SiC Devices, Power in 3D Packaging, and More at IEDM 2017

November 01, 2017 by Paul Shepard

New discoveries about SiC mobility, Extreme 3D integration and Thermal effects in 3D monolithic ICs are among the topics that will be explored in depth at the 63rd  International Electron Devices Meeting (IEEE IEDM 2017) to be hosted 2-6 December, 2017 at the Hilton San Francisco Union Square

New Discoveries About SiC Mobility: Transistors made from silicon carbide (SiC) can operate at higher temperatures and/or voltages than silicon devices, making them a good fit for power-management applications. However, a better understanding of SiC's carrier-transport properties is needed for more efficient, better-performing SiC devices.

A semiconductor's carrier-transport properties determine its "mobility," or how fast electrons and holes can move through it. Carrier mobility-limiting factors in SiC include Coulomb scattering, surface-roughness-scattering, and limitations imposed by phonons (vibrations in the material).

SiC carrier-transport studies to date have relied on computer models and simulations, and while they have shown that the dominant mobility-limiting factors are Coulomb scattering at low voltages and surface roughness at higher voltages, the intrinsic magnitude of the phonon-limiting effect has been unclear.

Different values for it have been assumed for modeling studies. At the IEDM, a team led by Mitsubishi will tell how they were able to observe phonon-limited mobility in SiC experimentally for the first time.

They found it is, at most, one-fourth of presumed values. They also found that surface roughness isn't the dominant mobility-limiting factor at high voltages. (Paper 9.3, "Determination of Intrinsic Phonon-Limited Mobility and Carrier Transport Property Extraction of 4H-SiC MOSFETs," M. Noguchi et al, Mitsubishi/Univ. Tokyo)

Extreme 3D Integration: In a paper in the 3D Integration and Packaging Focus Session, an IBM-led research team will describe several novel heat removal and power delivery technologies aimed at making so-called computing cubes a reality. Computing cubes comprise packaged stacks of chips that can have memory-on-logic or logic-on-logic functionality.

The researchers will describe four enabling technologies that were integrated to build computing cubes of various sizes and levels of performance: Dual-side cooling of a stack of chips - The researchers formed embedded microcavities in a silicon interposer layer on one side of the stack, and coupled it with a backside cold plate through which liquid coolant flows.

Interlayer cooling - They formed microcavities in the backside of each die in the stack, through which coolant flows; Integrated voltage regulators - They built distributed power ICs for granular voltage scaling throughout the cube for energy-efficient operation. The CMOS components of the power ICs are integrated with the cube's logic circuitry, while their passive components are in the interposer layer.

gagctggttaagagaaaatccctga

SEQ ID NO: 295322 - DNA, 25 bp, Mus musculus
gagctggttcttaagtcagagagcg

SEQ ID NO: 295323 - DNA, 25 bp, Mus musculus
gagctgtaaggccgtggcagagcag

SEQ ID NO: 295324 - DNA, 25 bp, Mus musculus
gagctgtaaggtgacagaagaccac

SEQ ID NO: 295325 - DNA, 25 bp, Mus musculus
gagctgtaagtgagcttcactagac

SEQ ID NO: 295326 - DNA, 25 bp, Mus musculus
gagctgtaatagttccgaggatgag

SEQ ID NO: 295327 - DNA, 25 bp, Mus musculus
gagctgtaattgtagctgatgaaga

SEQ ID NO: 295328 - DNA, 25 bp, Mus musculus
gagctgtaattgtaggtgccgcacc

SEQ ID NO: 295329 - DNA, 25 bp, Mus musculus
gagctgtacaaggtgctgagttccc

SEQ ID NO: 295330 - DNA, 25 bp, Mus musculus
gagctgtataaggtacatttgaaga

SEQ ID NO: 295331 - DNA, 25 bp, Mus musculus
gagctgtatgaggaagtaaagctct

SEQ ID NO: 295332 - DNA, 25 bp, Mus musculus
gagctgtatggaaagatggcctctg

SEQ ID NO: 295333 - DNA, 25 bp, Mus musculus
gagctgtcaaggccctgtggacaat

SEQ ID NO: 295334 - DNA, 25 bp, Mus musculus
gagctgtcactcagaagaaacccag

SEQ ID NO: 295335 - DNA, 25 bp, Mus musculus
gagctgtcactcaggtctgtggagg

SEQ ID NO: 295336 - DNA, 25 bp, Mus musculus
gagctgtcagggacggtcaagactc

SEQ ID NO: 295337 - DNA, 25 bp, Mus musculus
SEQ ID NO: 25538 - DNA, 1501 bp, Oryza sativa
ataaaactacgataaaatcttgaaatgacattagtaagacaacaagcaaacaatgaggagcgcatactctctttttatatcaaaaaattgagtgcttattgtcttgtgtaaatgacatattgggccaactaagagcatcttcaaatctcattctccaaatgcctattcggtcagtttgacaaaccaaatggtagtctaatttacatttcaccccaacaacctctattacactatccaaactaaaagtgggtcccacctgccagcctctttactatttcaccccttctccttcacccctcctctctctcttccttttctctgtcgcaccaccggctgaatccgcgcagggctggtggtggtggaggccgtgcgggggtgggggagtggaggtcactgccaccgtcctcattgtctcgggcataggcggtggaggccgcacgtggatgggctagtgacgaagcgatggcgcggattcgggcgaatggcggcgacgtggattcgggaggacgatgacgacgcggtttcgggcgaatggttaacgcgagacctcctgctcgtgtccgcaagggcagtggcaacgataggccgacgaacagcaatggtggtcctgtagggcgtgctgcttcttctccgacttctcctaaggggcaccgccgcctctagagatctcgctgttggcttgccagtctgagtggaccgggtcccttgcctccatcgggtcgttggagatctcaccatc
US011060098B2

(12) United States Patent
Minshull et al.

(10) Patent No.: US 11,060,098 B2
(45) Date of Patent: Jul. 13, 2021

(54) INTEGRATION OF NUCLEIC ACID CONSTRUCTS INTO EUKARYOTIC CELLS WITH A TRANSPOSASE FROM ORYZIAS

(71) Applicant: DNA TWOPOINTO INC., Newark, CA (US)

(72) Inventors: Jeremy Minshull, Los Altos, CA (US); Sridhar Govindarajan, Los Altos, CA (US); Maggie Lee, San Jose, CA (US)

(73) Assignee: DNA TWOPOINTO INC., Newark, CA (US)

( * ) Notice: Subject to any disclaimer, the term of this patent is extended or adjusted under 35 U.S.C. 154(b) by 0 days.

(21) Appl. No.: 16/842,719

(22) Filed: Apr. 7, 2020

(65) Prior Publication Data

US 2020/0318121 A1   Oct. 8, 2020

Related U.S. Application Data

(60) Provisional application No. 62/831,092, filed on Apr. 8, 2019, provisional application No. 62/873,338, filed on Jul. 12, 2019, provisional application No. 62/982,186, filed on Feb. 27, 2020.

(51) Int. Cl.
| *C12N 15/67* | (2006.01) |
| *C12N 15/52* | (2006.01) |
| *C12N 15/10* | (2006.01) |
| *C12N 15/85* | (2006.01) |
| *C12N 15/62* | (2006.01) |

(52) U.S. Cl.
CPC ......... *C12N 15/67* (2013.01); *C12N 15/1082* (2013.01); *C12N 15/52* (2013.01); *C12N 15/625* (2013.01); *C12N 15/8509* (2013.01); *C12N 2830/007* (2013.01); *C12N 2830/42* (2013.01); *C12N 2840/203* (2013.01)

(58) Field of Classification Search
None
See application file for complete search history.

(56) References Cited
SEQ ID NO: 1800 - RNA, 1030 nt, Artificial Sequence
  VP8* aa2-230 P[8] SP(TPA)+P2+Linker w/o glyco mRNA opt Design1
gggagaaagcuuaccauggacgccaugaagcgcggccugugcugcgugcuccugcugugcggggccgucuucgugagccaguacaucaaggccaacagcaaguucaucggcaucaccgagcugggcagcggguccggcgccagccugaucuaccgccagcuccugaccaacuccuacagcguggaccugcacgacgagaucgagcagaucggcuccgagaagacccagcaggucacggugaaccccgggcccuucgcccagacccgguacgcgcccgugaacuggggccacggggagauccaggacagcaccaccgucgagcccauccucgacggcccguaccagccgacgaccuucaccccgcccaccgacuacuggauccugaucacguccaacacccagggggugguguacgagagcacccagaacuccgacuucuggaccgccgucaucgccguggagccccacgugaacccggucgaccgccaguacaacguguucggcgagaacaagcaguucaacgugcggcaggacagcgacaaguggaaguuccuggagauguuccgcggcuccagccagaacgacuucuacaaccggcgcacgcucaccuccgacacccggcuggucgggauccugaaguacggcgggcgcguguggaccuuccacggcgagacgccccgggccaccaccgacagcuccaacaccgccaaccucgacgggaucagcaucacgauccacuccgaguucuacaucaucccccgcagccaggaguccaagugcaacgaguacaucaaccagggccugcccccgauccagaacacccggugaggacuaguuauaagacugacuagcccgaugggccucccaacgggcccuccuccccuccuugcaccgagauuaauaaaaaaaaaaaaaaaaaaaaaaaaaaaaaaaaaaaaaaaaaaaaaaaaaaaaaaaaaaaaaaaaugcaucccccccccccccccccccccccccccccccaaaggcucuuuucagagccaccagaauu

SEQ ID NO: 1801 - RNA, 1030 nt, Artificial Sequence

Electrochemical power delivery - They added soluble redox-active compounds to the cooling fluid to enable it to deliver power throughout the cube electrochemically. (Paper 3.7, "Towards Cube-Sized Compute Nodes: Advanced Packaging Concepts Enabling Extreme 3D Integration," T. Brunschwiler et al, IBM/ETH/FhG/Murata/Tyndall National Institute)

Thermal Effects in Monolithic 3D ICs: Stacking and interconnecting a number of chips is one way to build a 3D integrated circuit, but another way is to build a 3D IC monolithically. Monolithic 3D ICs are fabricated step-by-step with sequential placement and connection of devices located in different layers of the same chip.

One issue with the monolithic approach is heat dissipation, because heat can negatively affect transistor electrical characteristics, performance and reliability. A particular area of concern is the need to understand the thermal effect of the second layer on the performance of devices in the first layer. A research team led by CEA-Leti investigated this in 3D ICs made from SOI wafers with 7nm-thick Si layers and a base oxide thickness of 145nm.

They used multiple p- and n-channel MOSFET configurations, heater-sensor arrangements and thermometry techniques. They found that the self-heating of individual transistors is more significant than thermal coupling between the layers.

Moreover, for the first time they experimentally validated that the increase in a device's channel temperature - as measured by gate-resistance thermometry - matches the value mathematically derived from the subthreshold slope.

That is an important advance for monolithic 3D IC technology, because it can be used to anticipate and manage thermal effects in both logic and analog applications. (Paper 7.6, "Thermal Effects in 3D Sequential Technology," K. Triantopoulos et al, CEA-Leti/Univ. Grenoble Alpes/IMEP-LAHC)